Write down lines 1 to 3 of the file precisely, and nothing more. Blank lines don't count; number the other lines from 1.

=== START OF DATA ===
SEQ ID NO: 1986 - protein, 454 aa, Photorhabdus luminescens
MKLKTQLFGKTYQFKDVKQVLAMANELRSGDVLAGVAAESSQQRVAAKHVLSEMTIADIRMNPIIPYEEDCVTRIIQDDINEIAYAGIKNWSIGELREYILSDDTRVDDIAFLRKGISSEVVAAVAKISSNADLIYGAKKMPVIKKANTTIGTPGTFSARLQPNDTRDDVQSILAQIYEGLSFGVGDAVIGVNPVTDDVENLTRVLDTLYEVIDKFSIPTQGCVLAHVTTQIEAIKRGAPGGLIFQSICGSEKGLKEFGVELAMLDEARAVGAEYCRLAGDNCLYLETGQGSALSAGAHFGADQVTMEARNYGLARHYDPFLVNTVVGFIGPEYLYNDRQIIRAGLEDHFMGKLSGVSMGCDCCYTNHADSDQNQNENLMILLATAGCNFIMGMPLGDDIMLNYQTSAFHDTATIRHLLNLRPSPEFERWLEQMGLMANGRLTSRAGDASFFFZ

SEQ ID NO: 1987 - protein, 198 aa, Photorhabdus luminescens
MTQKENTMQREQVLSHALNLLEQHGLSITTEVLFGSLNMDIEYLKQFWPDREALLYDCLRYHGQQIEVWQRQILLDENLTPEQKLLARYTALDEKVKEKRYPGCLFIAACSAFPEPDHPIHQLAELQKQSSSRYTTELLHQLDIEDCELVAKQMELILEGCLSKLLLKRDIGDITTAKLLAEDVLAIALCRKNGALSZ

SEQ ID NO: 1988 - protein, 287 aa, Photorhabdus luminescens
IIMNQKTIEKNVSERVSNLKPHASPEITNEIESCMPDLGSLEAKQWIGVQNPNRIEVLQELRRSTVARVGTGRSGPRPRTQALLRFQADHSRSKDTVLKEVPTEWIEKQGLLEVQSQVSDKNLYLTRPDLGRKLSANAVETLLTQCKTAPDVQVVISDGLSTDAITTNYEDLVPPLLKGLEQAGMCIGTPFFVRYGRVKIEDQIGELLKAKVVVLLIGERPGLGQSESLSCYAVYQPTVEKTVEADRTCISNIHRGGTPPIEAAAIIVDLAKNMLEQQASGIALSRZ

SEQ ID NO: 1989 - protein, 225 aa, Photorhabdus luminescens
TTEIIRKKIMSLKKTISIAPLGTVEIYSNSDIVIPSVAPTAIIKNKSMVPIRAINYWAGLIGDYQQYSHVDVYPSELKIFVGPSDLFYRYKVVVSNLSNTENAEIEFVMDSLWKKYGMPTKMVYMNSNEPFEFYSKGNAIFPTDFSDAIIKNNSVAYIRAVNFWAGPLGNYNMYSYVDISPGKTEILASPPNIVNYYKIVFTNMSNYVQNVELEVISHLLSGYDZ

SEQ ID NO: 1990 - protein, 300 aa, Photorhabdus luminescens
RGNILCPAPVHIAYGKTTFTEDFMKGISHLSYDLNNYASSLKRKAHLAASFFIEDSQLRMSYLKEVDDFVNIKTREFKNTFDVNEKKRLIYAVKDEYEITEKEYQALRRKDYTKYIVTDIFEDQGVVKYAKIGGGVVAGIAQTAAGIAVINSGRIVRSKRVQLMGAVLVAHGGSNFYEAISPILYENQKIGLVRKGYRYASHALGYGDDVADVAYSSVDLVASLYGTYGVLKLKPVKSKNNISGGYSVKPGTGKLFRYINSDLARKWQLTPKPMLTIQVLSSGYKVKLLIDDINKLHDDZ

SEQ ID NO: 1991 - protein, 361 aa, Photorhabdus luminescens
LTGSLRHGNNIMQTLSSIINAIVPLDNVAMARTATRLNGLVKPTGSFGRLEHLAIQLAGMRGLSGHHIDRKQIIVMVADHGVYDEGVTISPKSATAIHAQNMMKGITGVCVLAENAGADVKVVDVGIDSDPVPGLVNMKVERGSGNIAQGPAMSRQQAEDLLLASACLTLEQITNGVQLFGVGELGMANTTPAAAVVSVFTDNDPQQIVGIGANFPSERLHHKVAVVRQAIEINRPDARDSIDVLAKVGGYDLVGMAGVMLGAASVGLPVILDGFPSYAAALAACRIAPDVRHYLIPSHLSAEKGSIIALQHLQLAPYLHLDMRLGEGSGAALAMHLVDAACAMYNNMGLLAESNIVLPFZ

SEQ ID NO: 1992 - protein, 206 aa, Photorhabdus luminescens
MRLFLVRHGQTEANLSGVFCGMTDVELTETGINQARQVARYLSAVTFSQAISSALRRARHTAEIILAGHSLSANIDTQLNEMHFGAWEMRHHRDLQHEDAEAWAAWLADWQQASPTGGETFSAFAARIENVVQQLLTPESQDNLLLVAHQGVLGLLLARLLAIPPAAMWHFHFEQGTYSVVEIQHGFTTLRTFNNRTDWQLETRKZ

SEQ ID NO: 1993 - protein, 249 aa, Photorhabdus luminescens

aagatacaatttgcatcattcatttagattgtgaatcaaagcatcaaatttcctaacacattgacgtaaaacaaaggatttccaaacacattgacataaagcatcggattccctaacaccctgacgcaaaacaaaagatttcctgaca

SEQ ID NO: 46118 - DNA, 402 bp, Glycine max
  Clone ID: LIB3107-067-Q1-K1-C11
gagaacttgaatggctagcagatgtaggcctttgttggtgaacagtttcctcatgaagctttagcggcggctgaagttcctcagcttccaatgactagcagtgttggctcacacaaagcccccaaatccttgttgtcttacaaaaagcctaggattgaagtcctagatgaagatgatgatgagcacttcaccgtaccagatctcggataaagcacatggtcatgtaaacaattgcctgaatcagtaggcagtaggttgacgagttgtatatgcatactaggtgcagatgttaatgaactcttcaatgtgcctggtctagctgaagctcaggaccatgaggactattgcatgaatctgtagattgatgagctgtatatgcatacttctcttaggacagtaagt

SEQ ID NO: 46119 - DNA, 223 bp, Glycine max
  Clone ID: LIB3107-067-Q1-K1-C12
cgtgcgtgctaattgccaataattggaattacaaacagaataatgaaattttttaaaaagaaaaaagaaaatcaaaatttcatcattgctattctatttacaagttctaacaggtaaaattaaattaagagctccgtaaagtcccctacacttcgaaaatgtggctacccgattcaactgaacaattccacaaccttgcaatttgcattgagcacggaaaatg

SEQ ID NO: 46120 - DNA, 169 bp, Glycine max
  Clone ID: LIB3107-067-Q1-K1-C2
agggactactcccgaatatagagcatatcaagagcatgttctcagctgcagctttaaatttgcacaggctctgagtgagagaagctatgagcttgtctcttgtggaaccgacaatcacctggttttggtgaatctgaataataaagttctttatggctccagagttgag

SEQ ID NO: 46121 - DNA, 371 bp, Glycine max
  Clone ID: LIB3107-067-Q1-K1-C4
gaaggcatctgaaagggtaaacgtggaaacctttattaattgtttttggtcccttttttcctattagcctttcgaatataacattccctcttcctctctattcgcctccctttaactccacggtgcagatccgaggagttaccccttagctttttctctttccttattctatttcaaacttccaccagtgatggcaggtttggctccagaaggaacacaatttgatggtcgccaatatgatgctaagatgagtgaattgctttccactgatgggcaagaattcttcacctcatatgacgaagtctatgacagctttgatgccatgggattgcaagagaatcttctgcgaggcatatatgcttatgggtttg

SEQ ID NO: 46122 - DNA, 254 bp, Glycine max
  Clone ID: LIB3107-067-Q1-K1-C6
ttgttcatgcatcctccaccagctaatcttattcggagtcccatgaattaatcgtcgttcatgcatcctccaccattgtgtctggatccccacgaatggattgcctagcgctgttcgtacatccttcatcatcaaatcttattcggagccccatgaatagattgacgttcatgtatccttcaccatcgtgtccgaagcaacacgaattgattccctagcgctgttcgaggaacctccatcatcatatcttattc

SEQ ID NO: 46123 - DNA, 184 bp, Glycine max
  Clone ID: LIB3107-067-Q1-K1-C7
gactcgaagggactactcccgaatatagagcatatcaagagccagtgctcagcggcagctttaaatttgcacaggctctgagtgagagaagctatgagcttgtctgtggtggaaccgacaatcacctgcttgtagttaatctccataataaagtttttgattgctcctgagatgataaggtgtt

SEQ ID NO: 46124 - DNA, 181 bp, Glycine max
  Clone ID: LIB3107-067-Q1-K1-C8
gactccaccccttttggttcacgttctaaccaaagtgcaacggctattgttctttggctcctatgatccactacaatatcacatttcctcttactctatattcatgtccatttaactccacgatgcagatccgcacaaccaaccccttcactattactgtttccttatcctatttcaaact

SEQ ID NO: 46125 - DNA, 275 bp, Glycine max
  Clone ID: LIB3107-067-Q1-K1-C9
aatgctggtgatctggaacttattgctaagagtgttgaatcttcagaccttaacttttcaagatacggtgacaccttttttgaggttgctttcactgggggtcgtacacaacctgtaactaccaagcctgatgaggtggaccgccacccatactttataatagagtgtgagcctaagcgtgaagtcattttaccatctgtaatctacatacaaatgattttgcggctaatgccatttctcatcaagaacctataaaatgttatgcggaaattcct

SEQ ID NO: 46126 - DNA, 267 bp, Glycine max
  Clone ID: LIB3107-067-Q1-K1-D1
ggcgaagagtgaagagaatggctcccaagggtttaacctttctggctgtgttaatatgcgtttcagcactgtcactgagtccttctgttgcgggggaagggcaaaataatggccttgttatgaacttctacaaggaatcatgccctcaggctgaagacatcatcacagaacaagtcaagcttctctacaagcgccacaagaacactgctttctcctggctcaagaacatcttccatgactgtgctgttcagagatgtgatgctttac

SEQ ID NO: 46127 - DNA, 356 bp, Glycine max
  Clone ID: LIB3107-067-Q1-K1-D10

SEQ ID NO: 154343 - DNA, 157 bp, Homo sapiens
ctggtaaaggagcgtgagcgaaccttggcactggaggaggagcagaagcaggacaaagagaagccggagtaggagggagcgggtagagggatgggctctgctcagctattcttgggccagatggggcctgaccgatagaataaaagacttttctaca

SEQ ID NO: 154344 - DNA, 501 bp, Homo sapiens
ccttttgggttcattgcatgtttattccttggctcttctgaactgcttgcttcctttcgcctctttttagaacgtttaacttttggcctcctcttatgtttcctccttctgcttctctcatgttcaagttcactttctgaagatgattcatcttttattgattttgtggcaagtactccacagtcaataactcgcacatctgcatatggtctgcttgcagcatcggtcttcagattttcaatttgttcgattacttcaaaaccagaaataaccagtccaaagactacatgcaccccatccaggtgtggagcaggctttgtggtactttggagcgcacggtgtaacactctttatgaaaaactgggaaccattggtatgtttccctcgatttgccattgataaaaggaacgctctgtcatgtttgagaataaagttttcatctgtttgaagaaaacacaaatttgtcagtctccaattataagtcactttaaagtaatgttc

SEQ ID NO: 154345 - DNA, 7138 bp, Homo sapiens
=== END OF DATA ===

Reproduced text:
SEQ ID NO: 1986 - protein, 454 aa, Photorhabdus luminescens
MKLKTQLFGKTYQFKDVKQVLAMANELRSGDVLAGVAAESSQQRVAAKHVLSEMTIADIRMNPIIPYEEDCVTRIIQDDINEIAYAGIKNWSIGELREYILSDDTRVDDIAFLRKGISSEVVAAVAKISSNADLIYGAKKMPVIKKANTTIGTPGTFSARLQPNDTRDDVQSILAQIYEGLSFGVGDAVIGVNPVTDDVENLTRVLDTLYEVIDKFSIPTQGCVLAHVTTQIEAIKRGAPGGLIFQSICGSEKGLKEFGVELAMLDEARAVGAEYCRLAGDNCLYLETGQGSALSAGAHFGADQVTMEARNYGLARHYDPFLVNTVVGFIGPEYLYNDRQIIRAGLEDHFMGKLSGVSMGCDCCYTNHADSDQNQNENLMILLATAGCNFIMGMPLGDDIMLNYQTSAFHDTATIRHLLNLRPSPEFERWLEQMGLMANGRLTSRAGDASFFFZ

SEQ ID NO: 1987 - protein, 198 aa, Photorhabdus luminescens